It went down in history as "The Saturday night massacre" and it is a prime example of presidential power misused. Like a boomerang, what Nixon threw came around and hit him in the back of the head.
The president believed he was above the law, so he ordered the Attorney General of the United States, Elliot Richardson to fire special prosecutor Archibald Cox (you don't meet many people named Archibald these days). Richardson refused and resigned. Next up in the DOJ was William Ruckelshaus, who also refused. As you will read below, Nixon did not get to an ASA assigned to the Hialeah Branch Court to do his bidding, but almost.
Nixon refused to turn over the tapes made in the Oval Office, lost in the US Supreme Court in US v. Nixon, (which is now a bane to federal criminal defense attorneys everywhere seeking a rule 17(c) subpoena) and eventually resigned, consigned to history to be opined upon by the likes of the Honorable Judge Hirsch, who provides us, free of charge, a timely constitutional calendar today:
(Longtime and careful readers know that this isn't our first post on this subject. You can review the other one here).
“Nixon Forces Firing of Cox; Richardson, Ruckelshaus Quit”
– Washington Post headline, Sunday, Oct. 21, 1973
A former aid to White House insider H. R. Haldeman revealed to a congressional Watergate committee that President Nixon had recorded secret conversations in the Oval Office. Archibald Cox, the bowtie-wearing Harvard professor who had been appointed the Watergate independent special prosecutor, obtained a court order directing the Nixon White House to produce the tapes. Nixon, furious and running for his political life, ordered his Attorney General, Eliot Richardson simply to fire Cox. To the president’s astonishment and outrage, Richardson refused. In what must have been a scene evocative of a Leoncavallo opera, Nixon responded with something like a curse: “Let it be on your head,” he seethed at Richardson.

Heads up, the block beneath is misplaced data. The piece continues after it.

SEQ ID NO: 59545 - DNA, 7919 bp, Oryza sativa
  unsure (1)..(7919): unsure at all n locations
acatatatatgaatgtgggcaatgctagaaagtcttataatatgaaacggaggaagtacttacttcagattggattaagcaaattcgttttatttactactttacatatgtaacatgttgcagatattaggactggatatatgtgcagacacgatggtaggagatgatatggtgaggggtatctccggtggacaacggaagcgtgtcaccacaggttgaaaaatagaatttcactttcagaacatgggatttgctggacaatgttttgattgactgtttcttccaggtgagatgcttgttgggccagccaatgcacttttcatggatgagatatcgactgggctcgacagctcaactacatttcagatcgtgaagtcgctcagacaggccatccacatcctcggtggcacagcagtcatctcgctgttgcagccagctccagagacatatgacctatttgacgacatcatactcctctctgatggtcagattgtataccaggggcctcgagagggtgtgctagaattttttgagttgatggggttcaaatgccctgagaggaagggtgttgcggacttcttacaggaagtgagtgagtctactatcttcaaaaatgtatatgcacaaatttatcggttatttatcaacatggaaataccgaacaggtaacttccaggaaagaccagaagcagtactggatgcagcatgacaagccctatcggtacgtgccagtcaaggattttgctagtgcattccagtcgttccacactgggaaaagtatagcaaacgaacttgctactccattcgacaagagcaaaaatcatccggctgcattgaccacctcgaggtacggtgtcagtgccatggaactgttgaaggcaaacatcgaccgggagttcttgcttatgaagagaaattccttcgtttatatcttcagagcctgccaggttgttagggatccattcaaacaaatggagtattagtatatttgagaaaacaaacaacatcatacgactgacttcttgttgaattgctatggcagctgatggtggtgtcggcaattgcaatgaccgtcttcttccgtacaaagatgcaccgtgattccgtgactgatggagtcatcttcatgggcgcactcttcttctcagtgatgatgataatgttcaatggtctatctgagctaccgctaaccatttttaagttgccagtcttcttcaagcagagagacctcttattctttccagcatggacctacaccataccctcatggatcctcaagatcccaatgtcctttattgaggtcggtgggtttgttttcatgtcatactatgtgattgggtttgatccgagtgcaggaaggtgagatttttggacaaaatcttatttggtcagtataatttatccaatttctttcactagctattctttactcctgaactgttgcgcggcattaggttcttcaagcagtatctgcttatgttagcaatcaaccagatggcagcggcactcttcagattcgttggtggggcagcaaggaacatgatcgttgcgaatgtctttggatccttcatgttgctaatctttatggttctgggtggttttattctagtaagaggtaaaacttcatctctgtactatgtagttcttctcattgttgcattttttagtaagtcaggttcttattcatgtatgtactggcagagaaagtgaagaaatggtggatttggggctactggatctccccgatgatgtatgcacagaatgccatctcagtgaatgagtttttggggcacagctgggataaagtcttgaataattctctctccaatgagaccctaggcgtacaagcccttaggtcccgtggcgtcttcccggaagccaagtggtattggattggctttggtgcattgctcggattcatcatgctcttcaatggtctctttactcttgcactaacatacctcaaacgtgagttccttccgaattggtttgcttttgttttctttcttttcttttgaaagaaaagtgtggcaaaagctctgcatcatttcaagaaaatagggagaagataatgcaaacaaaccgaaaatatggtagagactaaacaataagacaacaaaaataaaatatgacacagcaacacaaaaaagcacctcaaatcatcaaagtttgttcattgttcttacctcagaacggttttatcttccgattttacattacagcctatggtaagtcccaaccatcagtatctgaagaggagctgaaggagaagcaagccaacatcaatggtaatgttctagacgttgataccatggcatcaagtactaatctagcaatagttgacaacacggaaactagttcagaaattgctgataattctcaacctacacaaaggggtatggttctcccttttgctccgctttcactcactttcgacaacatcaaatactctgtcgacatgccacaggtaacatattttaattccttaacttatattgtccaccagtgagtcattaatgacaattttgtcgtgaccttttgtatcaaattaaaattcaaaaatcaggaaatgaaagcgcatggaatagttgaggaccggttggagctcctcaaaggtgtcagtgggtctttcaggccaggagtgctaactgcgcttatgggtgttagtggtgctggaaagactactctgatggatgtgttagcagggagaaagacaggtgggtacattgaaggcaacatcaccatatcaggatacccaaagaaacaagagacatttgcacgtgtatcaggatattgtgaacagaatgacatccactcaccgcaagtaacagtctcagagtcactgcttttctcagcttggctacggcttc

Nixon then ordered the next in command at DOJ, Deputy Attorney General William Ruckelshaus, to fire Cox. Ruckelshaus instead submitted his own resignation, writing to the president that, “I am, of course, sorry that my conscience will not permit me to carry out your instruction to discharge Archibald Cox.” Finally, in Solicitor General Robert Bork Nixon found a man to do his bidding. “I am, as instructed by the president, discharging you, effective at once, from your position as Special Prosecutor, Watergate Special Prosecution Force,” Bork wrote to Cox.
Nixon had underestimated the national sense of outrage. NBC news anchor John Chancellor told his viewers, “The country tonight is in the midst of what may be the most serious constitutional crisis in its history.” David Broder of the Washington Post coined the phrase “the Saturday night massacre” to refer to what had happened, and the phrase stuck. Professor Cox released a statement which included the dire message, “Whether ours shall continue to be a government of laws and not of men is now for Congress and ultimately for the American people.”
As talk of impeachment swirled around him, Nixon backed down. He appointed the highly-respected Leon Jaworski as special prosecutor, and announced that he would produce the tape recordings
Can't get enough of the Judge K story of the day? Then head over the Mr. Markus's blog where he has a Palm Beach Post story covering the career of the former Dade State and Federal prosecutor.
Or just click the link here to the story which opines that the Judge may have a G-d complex.